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  4. Alfonso Bedoya says: 4

    I have had no use for a cell phone for years, but I do understand how the CelleBrite UFED works. Presently working up battery in a cell phone case which will, when hooked up to a synchronizing cable, completely discharge through the (provided by the snooping party) cable to the input of HIS device.

    Burn up a few dozen of these play-pretties and the Local Constabulary will find something else to think about. The CelleBrite UFED ain’t cheap, sports fans.

    What do ya think a booby-trapped, honey-pot UFED-snuffer’s worth on the market?

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  5. johngalt says: 5

    CJ, I believe you’ve touched on all relevant issues associated with this topic. As for me, I don’t care how good the intention is by the police, the ends, of wiping out our guaranteed rights by the Constitution, do not EVER, justify the means. Any person who even has a modicum of respect for the Constitution, and a desire to retain those freedoms and liberties guaranteed by such, should be up in arms over this, and demanding an immediate, and complete, stop to this.

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  6. MataHarley says: 6

    BTW, Alfonso… you wouldn’t, per chance be an Ohioan denizen, would you? If not, you have a twin kindred spirit there….

    …jus’ a blonde askin’ questions.

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  7. Oh Hell says: 7

    @Alfonso Bedoya:
    I like the idea and i bet you could sell these like hotcakes!!!

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  8. Curt says: 8

    Not sure which cops you’re talking about CJ but I’m not one of them that believe we can go through a cellphone on an infraction. I don’t see it said in that article you linked to either where its being used during traffic stops…only place it says it is in the title of the article, I’m wondering where they got that kind of information.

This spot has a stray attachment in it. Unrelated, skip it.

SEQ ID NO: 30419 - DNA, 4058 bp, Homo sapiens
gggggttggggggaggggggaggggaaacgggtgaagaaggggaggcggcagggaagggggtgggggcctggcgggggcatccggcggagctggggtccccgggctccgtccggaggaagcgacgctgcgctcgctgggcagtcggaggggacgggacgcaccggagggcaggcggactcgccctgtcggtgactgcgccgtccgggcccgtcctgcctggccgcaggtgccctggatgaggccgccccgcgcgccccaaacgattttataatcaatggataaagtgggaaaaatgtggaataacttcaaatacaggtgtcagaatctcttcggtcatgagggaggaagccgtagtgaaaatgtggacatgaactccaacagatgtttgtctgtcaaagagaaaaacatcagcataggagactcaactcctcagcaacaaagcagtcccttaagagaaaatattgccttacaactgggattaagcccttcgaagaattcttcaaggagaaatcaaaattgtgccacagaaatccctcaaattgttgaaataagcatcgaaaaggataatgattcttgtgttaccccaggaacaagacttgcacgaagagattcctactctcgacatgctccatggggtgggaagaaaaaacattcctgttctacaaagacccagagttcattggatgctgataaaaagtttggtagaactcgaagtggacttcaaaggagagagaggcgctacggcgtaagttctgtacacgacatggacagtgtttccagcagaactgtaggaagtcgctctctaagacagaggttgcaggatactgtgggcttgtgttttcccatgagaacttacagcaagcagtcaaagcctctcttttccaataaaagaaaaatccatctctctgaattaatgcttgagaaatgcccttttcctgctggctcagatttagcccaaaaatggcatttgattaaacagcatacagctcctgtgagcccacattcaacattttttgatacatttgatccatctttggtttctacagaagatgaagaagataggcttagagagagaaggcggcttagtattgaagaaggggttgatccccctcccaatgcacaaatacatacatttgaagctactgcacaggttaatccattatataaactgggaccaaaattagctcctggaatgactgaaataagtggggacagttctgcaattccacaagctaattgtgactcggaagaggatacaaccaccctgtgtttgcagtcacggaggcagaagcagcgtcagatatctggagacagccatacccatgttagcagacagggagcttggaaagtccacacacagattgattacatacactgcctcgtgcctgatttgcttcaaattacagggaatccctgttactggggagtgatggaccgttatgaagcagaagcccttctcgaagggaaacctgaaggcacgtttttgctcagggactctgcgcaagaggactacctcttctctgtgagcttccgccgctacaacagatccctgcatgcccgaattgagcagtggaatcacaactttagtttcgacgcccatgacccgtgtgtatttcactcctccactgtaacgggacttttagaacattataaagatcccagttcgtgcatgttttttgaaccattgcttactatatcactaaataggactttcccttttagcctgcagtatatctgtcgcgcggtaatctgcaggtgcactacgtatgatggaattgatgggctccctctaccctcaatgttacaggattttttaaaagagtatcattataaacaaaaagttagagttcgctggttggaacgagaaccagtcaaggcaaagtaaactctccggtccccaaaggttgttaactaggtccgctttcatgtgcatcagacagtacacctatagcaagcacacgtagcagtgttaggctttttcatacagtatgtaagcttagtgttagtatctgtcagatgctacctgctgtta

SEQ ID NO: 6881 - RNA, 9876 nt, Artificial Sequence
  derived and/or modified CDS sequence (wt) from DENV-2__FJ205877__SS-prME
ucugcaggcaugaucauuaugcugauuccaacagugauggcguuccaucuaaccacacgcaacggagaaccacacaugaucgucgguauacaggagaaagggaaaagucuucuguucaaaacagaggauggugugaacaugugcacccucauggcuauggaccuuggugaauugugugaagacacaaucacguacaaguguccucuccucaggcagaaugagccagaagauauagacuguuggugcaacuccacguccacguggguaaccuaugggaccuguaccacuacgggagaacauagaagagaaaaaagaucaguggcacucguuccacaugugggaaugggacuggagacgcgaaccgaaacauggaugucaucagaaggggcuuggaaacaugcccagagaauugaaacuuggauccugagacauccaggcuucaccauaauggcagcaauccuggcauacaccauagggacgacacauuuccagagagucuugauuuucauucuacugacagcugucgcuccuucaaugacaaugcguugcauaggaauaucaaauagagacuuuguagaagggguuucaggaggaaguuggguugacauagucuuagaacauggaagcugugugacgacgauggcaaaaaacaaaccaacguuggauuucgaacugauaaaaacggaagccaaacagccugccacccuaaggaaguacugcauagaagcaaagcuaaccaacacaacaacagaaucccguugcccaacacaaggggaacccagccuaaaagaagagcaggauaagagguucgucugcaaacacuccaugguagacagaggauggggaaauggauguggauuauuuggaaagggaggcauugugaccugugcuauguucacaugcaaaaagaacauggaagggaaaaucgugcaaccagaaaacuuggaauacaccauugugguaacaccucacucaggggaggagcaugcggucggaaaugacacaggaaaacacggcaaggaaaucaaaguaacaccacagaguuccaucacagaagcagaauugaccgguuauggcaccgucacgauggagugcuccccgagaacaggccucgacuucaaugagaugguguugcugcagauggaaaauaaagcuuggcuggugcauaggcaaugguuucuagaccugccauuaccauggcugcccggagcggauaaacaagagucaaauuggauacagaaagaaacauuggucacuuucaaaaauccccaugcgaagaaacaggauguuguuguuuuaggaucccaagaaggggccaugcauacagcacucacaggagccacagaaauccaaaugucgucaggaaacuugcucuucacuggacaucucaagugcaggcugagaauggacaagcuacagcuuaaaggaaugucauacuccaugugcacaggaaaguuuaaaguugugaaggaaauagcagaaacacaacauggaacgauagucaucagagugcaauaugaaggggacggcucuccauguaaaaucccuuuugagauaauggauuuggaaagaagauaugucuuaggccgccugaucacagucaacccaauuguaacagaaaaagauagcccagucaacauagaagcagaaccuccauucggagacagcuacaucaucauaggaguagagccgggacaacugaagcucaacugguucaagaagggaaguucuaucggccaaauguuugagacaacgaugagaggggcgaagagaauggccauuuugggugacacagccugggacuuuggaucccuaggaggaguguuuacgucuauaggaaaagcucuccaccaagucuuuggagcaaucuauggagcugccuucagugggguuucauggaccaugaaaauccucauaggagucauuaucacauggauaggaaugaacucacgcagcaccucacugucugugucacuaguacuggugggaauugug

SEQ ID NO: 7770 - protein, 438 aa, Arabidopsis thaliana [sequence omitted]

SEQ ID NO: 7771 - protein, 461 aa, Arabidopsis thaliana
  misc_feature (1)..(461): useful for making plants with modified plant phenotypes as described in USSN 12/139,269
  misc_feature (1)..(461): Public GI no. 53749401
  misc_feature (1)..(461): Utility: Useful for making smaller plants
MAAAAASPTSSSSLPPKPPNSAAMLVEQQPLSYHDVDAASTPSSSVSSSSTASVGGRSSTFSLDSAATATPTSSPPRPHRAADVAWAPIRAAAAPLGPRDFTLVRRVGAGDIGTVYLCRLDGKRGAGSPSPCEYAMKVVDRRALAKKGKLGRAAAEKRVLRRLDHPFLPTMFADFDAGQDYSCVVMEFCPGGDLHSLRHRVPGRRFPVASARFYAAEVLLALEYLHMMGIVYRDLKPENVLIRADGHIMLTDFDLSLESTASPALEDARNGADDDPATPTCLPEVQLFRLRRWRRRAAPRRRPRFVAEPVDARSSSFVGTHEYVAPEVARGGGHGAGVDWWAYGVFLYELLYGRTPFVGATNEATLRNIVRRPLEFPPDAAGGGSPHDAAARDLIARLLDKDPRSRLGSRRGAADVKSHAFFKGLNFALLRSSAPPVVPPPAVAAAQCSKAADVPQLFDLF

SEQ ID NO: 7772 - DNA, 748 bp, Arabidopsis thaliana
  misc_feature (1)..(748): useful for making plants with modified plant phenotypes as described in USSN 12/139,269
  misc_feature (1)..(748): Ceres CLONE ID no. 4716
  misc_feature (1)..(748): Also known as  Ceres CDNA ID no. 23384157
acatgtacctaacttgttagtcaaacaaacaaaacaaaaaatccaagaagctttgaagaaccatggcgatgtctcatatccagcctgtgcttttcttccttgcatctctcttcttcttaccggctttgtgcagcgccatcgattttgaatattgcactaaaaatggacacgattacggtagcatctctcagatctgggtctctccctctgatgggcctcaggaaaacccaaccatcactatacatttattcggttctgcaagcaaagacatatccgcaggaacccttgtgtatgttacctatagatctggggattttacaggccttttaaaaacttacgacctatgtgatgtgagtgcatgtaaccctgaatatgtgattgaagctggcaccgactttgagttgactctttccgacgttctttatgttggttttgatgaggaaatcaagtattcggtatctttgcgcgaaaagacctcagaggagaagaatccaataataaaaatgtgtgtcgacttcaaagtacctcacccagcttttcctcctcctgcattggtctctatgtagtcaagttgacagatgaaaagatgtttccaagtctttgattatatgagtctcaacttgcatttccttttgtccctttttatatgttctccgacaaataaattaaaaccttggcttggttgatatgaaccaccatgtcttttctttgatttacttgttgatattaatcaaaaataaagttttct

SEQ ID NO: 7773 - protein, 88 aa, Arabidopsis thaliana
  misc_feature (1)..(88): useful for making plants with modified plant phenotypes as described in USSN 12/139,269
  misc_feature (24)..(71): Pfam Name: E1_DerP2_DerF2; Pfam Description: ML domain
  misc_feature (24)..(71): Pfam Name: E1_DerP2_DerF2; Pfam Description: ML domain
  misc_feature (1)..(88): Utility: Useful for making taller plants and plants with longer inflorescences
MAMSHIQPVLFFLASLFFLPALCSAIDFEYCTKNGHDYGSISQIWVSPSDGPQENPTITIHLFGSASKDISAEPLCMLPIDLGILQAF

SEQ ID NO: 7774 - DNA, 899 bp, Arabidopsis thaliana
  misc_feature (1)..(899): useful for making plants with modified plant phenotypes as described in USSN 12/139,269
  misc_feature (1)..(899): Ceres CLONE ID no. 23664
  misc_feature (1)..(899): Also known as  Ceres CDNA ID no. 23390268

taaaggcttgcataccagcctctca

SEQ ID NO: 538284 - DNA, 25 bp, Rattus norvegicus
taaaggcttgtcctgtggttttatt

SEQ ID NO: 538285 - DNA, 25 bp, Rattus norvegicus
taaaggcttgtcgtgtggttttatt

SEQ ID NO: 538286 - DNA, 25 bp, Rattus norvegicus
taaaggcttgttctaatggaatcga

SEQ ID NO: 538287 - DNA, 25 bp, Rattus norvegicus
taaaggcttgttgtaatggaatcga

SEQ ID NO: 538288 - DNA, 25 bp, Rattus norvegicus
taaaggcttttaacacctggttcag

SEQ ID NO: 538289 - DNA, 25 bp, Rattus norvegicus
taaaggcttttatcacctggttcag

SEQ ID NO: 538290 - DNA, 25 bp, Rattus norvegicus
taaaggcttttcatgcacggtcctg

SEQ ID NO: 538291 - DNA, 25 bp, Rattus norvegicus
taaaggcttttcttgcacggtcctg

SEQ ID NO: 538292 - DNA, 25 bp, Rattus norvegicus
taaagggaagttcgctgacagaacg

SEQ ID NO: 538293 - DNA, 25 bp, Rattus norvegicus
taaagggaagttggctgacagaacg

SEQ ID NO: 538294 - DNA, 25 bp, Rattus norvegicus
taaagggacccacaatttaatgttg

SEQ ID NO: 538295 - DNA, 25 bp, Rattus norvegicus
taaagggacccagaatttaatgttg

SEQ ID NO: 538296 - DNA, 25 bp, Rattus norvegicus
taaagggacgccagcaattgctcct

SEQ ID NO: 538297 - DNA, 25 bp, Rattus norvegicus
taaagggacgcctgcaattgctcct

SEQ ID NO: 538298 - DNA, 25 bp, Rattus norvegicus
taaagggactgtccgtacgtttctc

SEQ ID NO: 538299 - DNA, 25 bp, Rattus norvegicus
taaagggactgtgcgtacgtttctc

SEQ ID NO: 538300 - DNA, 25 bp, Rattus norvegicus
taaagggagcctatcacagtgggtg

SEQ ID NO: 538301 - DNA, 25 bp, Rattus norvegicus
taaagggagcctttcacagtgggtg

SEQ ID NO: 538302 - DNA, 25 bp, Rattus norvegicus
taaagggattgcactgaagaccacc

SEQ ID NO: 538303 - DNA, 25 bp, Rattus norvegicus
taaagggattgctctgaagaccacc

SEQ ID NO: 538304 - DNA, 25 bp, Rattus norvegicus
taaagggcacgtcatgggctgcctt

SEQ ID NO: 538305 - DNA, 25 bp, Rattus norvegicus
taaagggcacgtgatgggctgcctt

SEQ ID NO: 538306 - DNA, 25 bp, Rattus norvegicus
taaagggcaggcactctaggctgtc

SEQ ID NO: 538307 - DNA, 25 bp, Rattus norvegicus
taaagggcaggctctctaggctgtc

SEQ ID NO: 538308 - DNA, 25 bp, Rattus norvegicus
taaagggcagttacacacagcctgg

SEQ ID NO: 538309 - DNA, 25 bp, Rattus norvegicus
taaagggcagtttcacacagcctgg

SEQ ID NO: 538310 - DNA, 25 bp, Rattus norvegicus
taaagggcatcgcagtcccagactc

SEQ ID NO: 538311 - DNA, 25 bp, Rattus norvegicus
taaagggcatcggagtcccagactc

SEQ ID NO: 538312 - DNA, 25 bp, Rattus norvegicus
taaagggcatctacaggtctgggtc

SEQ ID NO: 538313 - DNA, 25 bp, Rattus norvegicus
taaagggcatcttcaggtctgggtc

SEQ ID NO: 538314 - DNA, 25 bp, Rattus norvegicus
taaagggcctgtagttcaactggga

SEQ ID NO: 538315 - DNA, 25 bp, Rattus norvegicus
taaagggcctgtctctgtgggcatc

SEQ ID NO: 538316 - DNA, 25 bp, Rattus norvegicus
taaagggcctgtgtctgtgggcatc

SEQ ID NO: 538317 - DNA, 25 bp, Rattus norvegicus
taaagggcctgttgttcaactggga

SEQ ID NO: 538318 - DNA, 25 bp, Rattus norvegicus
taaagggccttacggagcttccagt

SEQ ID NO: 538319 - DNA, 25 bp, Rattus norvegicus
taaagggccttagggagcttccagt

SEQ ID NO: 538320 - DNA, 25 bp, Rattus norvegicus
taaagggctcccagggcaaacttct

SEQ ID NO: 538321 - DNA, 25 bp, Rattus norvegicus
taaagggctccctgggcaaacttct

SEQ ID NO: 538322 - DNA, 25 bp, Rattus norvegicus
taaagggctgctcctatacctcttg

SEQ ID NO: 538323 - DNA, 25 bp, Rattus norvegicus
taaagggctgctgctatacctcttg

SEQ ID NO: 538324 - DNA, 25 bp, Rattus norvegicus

After an arrest IS made there is a case law (pdf) which says we can then go through a cellphone…in California at least.

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  9. Pingback: 4th Amendment Erosion | Socialism is not the Answer

  10. Skookum says: 9

    The word is out. If you have the new Iphone, Google can track you every second of the day, at least if you have your phone. The application will presumably be sold to spouses and bosses to keep tabs on their loved ones. The chances for abuse are legion, but Google maintains the property is to assure us of good service. Yea! Right. Of course the smart criminal will have his phone in one location making bogus call to establish an alibi, while he is in another committing mayhem. Invasion of privacy can be a two way street. I’ll stick with my Blackberry until it dies.

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  11. Alfonso Bedoya says: 11

    @MataHarley: Nope. West of the Rockies. Thanks for askin’.

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  12. Brenda Butler says: 12

    @Nan G: It is amazing how much we allow our government to get away with because we are intimidated, frightened, or trying to be cooperative. Technology moves faster than law. There are very few laws in place today to govern the search and seizure of personal data devices. Of course, that also means that there are very few laws in place to protect us from search and seizure of personal data devises from thieves. The benefit is, the government cannot get away with invasion, so long as we stand firm and refuse to give up our 4th Amendment rights. The frustration is, we may very well have to prove we are acting within our 4th Amendment rights when we stand fast. The danger is, we risk being victimized by criminals and by our very government as it tries belatedly and ineptly to catch up with the very technology we embrace so freely.

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  13. anticsrocks says: 13

    Amazing, I am not able to pry the cell phone from my teenaged daughter’s hands. Maybe I need one of these, lol.

    Seriously though, our 4th amendment rights are getting more and more scarce.

    ReplyReply